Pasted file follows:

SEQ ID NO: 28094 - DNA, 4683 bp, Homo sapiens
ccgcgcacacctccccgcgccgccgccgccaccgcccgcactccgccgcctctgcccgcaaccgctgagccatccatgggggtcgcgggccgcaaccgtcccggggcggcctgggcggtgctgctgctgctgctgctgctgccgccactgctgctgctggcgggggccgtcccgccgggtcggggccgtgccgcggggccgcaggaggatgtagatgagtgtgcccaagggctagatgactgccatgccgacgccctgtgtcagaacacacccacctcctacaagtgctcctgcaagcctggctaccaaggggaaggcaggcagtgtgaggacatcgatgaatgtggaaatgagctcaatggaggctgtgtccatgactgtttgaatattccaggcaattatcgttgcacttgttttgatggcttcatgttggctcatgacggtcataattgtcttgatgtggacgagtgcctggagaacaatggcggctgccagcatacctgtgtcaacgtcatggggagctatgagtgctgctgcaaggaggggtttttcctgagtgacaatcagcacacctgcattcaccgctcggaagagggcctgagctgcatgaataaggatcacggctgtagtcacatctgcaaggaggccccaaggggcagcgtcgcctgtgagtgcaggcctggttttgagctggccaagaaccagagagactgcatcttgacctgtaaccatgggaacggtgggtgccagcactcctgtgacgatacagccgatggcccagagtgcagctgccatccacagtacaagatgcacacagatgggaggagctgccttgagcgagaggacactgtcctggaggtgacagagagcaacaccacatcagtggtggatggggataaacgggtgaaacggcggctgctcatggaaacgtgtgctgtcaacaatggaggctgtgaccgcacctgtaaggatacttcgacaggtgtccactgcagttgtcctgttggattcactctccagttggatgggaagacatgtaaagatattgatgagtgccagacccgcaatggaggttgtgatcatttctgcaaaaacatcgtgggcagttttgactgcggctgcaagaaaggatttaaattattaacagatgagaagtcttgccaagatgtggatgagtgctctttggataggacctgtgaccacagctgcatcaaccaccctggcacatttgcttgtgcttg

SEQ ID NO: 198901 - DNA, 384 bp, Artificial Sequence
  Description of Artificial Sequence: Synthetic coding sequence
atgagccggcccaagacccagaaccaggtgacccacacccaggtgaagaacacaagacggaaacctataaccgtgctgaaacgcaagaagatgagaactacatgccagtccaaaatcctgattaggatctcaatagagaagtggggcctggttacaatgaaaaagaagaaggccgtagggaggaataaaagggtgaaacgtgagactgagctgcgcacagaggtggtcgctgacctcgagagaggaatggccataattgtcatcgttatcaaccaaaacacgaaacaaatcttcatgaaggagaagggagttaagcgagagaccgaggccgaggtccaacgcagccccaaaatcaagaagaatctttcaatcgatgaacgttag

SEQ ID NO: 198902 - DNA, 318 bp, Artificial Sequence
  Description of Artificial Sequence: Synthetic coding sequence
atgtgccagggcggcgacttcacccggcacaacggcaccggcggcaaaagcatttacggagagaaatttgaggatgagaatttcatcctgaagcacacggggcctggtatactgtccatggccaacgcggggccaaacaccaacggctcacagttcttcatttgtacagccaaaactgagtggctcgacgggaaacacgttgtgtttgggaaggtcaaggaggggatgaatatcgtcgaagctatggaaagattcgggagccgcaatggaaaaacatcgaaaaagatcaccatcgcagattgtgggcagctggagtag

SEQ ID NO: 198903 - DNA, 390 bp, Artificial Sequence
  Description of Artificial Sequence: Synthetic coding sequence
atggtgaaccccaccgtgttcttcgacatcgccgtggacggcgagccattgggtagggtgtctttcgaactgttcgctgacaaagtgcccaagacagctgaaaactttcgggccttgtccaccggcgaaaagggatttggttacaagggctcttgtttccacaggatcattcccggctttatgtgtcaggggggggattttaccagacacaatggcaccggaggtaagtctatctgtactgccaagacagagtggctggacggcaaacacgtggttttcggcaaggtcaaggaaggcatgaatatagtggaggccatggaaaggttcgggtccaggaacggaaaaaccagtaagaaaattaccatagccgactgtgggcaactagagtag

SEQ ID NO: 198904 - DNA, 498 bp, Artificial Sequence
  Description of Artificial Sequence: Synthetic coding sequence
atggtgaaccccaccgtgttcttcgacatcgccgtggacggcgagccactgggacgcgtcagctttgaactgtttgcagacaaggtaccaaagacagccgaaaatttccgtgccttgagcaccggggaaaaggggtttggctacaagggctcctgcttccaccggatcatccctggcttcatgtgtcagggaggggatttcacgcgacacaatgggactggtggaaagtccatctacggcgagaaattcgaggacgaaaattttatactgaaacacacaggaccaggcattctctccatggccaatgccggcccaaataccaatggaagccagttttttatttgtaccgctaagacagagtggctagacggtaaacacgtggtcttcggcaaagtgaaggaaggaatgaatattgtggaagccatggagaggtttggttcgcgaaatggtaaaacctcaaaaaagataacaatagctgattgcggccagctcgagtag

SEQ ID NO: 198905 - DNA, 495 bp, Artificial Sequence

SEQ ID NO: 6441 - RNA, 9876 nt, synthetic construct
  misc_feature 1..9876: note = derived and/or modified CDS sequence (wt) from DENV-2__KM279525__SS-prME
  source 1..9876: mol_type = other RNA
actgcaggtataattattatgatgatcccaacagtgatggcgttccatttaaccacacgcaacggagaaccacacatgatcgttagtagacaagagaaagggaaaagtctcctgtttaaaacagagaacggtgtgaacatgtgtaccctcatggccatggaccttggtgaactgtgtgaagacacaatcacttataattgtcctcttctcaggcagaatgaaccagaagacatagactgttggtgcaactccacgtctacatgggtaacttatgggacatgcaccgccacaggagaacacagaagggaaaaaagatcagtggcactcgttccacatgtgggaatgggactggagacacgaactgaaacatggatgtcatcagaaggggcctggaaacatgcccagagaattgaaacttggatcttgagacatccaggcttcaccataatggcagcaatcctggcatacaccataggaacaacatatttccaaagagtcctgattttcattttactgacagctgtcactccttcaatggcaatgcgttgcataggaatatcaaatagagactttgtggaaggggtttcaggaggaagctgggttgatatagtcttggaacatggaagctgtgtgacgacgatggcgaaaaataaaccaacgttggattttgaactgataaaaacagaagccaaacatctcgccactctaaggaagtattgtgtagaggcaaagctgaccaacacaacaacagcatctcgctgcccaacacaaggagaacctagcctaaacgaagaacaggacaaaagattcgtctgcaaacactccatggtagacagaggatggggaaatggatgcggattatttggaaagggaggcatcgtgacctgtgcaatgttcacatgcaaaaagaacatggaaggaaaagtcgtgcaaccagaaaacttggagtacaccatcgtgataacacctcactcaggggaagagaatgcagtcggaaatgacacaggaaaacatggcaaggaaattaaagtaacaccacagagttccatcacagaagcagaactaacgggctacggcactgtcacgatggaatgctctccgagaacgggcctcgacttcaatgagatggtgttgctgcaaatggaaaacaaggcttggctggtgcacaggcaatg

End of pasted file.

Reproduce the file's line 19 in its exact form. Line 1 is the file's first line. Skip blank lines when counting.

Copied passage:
actgcaggtataattattatgatgatcccaacagtgatggcgttccatttaaccacacgcaacggagaaccacacatgatcgttagtagacaagagaaagggaaaagtctcctgtttaaaacagagaacggtgtgaacatgtgtaccctcatggccatggaccttggtgaactgtgtgaagacacaatcacttataattgtcctcttctcaggcagaatgaaccagaagacatagactgttggtgcaactccacgtctacatgggtaacttatgggacatgcaccgccacaggagaacacagaagggaaaaaagatcagtggcactcgttccacatgtgggaatgggactggagacacgaactgaaacatggatgtcatcagaaggggcctggaaacatgcccagagaattgaaacttggatcttgagacatccaggcttcaccataatggcagcaatcctggcatacaccataggaacaacatatttccaaagagtcctgattttcattttactgacagctgtcactccttcaatggcaatgcgttgcataggaatatcaaatagagactttgtggaaggggtttcaggaggaagctgggttgatatagtcttggaacatggaagctgtgtgacgacgatggcgaaaaataaaccaacgttggattttgaactgataaaaacagaagccaaacatctcgccactctaaggaagtattgtgtagaggcaaagctgaccaacacaacaacagcatctcgctgcccaacacaaggagaacctagcctaaacgaagaacaggacaaaagattcgtctgcaaacactccatggtagacagaggatggggaaatggatgcggattatttggaaagggaggcatcgtgacctgtgcaatgttcacatgcaaaaagaacatggaaggaaaagtcgtgcaaccagaaaacttggagtacaccatcgtgataacacctcactcaggggaagagaatgcagtcggaaatgacacaggaaaacatggcaaggaaattaaagtaacaccacagagttccatcacagaagcagaactaacgggctacggcactgtcacgatggaatgctctccgagaacgggcctcgacttcaatgagatggtgttgctgcaaatggaaaacaaggcttggctggtgcacaggcaatg